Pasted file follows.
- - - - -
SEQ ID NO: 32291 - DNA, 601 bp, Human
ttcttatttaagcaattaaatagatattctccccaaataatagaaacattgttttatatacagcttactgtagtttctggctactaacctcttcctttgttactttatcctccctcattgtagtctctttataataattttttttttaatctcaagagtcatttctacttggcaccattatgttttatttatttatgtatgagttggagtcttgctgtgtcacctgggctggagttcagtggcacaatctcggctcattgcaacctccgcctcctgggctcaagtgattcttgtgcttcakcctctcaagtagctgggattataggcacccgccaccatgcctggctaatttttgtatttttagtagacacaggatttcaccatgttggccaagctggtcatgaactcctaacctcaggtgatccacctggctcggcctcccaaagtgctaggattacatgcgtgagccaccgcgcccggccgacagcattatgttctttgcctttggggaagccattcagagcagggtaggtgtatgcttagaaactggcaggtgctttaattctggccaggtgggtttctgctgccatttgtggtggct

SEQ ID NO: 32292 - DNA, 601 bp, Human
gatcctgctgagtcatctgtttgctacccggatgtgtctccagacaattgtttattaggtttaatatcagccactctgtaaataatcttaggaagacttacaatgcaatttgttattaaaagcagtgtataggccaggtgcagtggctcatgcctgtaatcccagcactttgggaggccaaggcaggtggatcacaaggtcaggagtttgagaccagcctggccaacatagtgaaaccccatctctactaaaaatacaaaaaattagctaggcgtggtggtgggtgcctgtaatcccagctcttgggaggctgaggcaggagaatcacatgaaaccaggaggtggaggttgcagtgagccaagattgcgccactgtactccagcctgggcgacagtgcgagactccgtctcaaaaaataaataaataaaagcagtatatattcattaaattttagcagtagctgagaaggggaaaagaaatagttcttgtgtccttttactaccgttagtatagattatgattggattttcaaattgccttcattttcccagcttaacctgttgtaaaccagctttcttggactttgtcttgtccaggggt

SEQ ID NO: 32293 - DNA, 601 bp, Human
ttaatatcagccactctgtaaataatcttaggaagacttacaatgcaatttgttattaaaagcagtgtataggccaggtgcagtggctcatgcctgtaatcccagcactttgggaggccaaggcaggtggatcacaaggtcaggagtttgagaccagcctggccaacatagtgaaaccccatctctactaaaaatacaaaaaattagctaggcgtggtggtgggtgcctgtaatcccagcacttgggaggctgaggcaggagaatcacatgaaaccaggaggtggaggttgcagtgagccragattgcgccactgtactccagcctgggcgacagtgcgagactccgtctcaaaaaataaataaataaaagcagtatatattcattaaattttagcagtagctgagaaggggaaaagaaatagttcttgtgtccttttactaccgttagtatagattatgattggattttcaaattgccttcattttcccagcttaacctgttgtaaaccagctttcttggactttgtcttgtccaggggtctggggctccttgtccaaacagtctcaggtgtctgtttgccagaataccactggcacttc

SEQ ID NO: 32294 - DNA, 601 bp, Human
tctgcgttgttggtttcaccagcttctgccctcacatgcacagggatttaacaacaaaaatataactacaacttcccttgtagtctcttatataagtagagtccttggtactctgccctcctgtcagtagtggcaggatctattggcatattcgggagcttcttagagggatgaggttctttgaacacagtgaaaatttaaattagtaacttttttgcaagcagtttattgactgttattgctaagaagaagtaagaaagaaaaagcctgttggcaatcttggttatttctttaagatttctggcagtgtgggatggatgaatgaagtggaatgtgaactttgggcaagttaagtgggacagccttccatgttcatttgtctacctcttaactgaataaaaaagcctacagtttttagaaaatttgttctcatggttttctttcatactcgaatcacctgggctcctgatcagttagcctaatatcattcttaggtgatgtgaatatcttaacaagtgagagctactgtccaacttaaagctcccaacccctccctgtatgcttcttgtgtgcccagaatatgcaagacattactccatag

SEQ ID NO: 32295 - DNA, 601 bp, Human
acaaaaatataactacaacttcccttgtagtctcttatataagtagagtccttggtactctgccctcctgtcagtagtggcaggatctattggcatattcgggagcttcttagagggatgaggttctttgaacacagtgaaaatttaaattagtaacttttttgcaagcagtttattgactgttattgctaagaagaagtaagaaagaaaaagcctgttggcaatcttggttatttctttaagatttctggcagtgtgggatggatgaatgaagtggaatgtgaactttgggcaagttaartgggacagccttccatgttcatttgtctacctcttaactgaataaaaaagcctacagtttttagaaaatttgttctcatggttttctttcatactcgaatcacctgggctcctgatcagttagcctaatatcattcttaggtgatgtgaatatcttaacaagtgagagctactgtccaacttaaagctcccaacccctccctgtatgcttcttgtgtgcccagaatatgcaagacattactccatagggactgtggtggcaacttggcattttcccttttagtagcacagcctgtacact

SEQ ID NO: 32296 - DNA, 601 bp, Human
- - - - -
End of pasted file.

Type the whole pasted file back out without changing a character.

SEQ ID NO: 32291 - DNA, 601 bp, Human
ttcttatttaagcaattaaatagatattctccccaaataatagaaacattgttttatatacagcttactgtagtttctggctactaacctcttcctttgttactttatcctccctcattgtagtctctttataataattttttttttaatctcaagagtcatttctacttggcaccattatgttttatttatttatgtatgagttggagtcttgctgtgtcacctgggctggagttcagtggcacaatctcggctcattgcaacctccgcctcctgggctcaagtgattcttgtgcttcakcctctcaagtagctgggattataggcacccgccaccatgcctggctaatttttgtatttttagtagacacaggatttcaccatgttggccaagctggtcatgaactcctaacctcaggtgatccacctggctcggcctcccaaagtgctaggattacatgcgtgagccaccgcgcccggccgacagcattatgttctttgcctttggggaagccattcagagcagggtaggtgtatgcttagaaactggcaggtgctttaattctggccaggtgggtttctgctgccatttgtggtggct

SEQ ID NO: 32292 - DNA, 601 bp, Human
gatcctgctgagtcatctgtttgctacccggatgtgtctccagacaattgtttattaggtttaatatcagccactctgtaaataatcttaggaagacttacaatgcaatttgttattaaaagcagtgtataggccaggtgcagtggctcatgcctgtaatcccagcactttgggaggccaaggcaggtggatcacaaggtcaggagtttgagaccagcctggccaacatagtgaaaccccatctctactaaaaatacaaaaaattagctaggcgtggtggtgggtgcctgtaatcccagctcttgggaggctgaggcaggagaatcacatgaaaccaggaggtggaggttgcagtgagccaagattgcgccactgtactccagcctgggcgacagtgcgagactccgtctcaaaaaataaataaataaaagcagtatatattcattaaattttagcagtagctgagaaggggaaaagaaatagttcttgtgtccttttactaccgttagtatagattatgattggattttcaaattgccttcattttcccagcttaacctgttgtaaaccagctttcttggactttgtcttgtccaggggt

SEQ ID NO: 32293 - DNA, 601 bp, Human
ttaatatcagccactctgtaaataatcttaggaagacttacaatgcaatttgttattaaaagcagtgtataggccaggtgcagtggctcatgcctgtaatcccagcactttgggaggccaaggcaggtggatcacaaggtcaggagtttgagaccagcctggccaacatagtgaaaccccatctctactaaaaatacaaaaaattagctaggcgtggtggtgggtgcctgtaatcccagcacttgggaggctgaggcaggagaatcacatgaaaccaggaggtggaggttgcagtgagccragattgcgccactgtactccagcctgggcgacagtgcgagactccgtctcaaaaaataaataaataaaagcagtatatattcattaaattttagcagtagctgagaaggggaaaagaaatagttcttgtgtccttttactaccgttagtatagattatgattggattttcaaattgccttcattttcccagcttaacctgttgtaaaccagctttcttggactttgtcttgtccaggggtctggggctccttgtccaaacagtctcaggtgtctgtttgccagaataccactggcacttc

SEQ ID NO: 32294 - DNA, 601 bp, Human
tctgcgttgttggtttcaccagcttctgccctcacatgcacagggatttaacaacaaaaatataactacaacttcccttgtagtctcttatataagtagagtccttggtactctgccctcctgtcagtagtggcaggatctattggcatattcgggagcttcttagagggatgaggttctttgaacacagtgaaaatttaaattagtaacttttttgcaagcagtttattgactgttattgctaagaagaagtaagaaagaaaaagcctgttggcaatcttggttatttctttaagatttctggcagtgtgggatggatgaatgaagtggaatgtgaactttgggcaagttaagtgggacagccttccatgttcatttgtctacctcttaactgaataaaaaagcctacagtttttagaaaatttgttctcatggttttctttcatactcgaatcacctgggctcctgatcagttagcctaatatcattcttaggtgatgtgaatatcttaacaagtgagagctactgtccaacttaaagctcccaacccctccctgtatgcttcttgtgtgcccagaatatgcaagacattactccatag

SEQ ID NO: 32295 - DNA, 601 bp, Human
acaaaaatataactacaacttcccttgtagtctcttatataagtagagtccttggtactctgccctcctgtcagtagtggcaggatctattggcatattcgggagcttcttagagggatgaggttctttgaacacagtgaaaatttaaattagtaacttttttgcaagcagtttattgactgttattgctaagaagaagtaagaaagaaaaagcctgttggcaatcttggttatttctttaagatttctggcagtgtgggatggatgaatgaagtggaatgtgaactttgggcaagttaartgggacagccttccatgttcatttgtctacctcttaactgaataaaaaagcctacagtttttagaaaatttgttctcatggttttctttcatactcgaatcacctgggctcctgatcagttagcctaatatcattcttaggtgatgtgaatatcttaacaagtgagagctactgtccaacttaaagctcccaacccctccctgtatgcttcttgtgtgcccagaatatgcaagacattactccatagggactgtggtggcaacttggcattttcccttttagtagcacagcctgtacact

SEQ ID NO: 32296 - DNA, 601 bp, Human